A Zen garden is meant to be a meditative experience—so look for one with a variety of rakes or stones to comb through when your mind is running a million miles an hour. You can always add your own accessories for more variety.

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Zen Garden Design – Principles and History

Zen gardens, originating with Buddhist monks centuries ago, have become all the rage recently. Combining a balance of natural and architectural elements and a blend of humble, simple design juxtaposed with natural wonders, these gardens offer tranquility and beauty galore. As for that balance, Zen gardeners adhere to the principle of (female) yin and the (male) yang. Every facet of a Zen garden is characterized by one or the other, i.e. water is yin; earth is yang. The epitome of a Zen garden is achieved when yin and yang balance for harmonious feng shui; this adheres to a second principle of working with nature’s tendencies as much as your landscape allows.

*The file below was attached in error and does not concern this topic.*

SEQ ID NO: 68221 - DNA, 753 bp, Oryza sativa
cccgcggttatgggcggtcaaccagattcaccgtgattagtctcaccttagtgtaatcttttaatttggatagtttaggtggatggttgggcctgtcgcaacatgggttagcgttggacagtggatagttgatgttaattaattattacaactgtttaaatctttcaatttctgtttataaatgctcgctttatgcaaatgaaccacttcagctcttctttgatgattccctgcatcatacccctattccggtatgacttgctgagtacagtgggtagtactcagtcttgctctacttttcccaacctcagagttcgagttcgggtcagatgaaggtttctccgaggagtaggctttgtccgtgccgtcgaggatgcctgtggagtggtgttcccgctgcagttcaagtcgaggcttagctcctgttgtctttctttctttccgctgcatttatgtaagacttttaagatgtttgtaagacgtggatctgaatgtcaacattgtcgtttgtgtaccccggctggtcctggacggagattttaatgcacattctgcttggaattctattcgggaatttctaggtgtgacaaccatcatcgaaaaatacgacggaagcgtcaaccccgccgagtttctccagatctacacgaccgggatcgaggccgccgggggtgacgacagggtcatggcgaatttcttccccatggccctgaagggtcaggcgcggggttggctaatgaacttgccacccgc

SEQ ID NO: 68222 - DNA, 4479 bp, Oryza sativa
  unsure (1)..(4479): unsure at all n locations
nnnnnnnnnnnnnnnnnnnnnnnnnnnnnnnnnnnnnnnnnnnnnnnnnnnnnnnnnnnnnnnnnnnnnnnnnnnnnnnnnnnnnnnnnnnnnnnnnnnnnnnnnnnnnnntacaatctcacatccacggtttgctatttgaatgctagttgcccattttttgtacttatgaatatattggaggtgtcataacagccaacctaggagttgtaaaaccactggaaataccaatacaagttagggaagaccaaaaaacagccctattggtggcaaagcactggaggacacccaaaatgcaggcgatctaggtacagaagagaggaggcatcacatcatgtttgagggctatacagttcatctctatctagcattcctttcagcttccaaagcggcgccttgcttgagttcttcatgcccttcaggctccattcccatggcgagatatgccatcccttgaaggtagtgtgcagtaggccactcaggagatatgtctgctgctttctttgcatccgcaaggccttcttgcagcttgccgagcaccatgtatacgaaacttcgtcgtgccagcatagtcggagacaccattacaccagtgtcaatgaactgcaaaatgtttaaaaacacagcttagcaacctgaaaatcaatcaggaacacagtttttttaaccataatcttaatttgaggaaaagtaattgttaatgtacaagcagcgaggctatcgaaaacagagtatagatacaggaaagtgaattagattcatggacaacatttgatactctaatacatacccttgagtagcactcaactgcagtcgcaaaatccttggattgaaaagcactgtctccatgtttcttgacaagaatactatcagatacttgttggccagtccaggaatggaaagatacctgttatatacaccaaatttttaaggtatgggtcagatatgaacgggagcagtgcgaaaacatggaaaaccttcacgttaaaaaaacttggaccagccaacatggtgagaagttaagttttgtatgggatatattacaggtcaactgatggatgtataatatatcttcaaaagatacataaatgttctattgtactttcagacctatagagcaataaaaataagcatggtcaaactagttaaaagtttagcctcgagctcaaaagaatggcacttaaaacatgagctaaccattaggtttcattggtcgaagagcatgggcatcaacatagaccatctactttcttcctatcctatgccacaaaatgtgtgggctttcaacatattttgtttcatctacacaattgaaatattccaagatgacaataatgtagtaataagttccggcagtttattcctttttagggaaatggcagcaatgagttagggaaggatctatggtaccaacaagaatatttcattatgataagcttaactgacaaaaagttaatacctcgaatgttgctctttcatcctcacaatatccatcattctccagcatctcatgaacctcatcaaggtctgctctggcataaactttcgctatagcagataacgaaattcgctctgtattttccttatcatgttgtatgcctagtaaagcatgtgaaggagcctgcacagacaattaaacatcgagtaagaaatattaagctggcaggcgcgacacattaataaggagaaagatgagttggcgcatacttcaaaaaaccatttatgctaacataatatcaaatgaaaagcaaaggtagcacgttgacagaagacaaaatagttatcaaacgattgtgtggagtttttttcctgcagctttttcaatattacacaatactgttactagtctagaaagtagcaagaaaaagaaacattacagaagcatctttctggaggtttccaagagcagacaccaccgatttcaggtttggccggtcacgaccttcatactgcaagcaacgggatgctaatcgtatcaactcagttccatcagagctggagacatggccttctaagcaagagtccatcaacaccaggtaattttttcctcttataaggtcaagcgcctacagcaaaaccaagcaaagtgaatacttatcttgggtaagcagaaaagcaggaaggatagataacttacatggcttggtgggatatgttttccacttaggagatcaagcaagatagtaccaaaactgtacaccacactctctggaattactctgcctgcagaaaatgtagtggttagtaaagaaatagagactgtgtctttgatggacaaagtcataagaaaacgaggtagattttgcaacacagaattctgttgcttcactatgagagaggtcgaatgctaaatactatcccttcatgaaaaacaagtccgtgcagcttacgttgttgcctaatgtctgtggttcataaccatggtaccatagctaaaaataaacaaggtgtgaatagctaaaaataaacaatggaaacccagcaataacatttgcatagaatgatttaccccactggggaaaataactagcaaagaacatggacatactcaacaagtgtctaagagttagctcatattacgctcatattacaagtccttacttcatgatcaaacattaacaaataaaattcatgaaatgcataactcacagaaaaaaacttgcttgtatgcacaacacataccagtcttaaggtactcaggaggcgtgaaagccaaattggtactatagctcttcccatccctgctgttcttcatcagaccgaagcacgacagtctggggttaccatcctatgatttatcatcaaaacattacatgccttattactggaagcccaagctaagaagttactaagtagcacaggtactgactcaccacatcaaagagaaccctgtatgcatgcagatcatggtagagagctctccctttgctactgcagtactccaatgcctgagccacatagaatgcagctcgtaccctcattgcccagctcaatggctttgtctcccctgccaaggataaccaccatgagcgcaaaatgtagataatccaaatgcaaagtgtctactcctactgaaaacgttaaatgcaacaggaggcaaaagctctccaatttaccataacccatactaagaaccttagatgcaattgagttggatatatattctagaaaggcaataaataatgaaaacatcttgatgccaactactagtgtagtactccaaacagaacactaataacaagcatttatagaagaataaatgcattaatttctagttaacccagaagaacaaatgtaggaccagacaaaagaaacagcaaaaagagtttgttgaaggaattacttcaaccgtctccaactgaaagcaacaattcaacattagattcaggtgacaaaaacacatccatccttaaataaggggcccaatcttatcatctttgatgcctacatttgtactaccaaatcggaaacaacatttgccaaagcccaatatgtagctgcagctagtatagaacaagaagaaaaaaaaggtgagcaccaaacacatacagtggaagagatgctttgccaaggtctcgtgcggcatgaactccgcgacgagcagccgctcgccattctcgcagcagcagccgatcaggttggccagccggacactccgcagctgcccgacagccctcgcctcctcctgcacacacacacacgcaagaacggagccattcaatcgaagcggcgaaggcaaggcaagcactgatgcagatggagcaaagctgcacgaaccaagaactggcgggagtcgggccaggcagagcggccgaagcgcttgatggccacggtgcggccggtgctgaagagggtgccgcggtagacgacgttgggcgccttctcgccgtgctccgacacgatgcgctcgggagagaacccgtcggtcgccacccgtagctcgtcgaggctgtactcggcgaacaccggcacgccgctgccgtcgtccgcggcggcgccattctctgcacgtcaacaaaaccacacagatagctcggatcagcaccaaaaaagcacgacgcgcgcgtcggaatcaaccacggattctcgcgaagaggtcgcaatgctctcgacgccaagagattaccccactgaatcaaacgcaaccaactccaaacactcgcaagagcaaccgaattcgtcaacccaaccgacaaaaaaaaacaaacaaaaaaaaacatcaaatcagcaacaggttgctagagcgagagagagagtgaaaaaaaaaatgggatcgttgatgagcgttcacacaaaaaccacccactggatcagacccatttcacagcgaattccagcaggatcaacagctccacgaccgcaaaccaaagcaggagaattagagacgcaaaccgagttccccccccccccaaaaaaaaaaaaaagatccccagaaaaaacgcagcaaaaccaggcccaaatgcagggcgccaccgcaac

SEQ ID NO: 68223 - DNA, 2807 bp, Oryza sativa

Designed to produce a 3-D effect of height and depth, a Zen garden is planned with foreground and background to draw one’s focus. More harmony is achieved by balancing different colors, sizes, and shapes of flora, so no one plant overwhelms. Trees and larger shrubbery placed at the rear of your garden offer privacy and a natural backdrop. More feng shui tips for your Zen garden?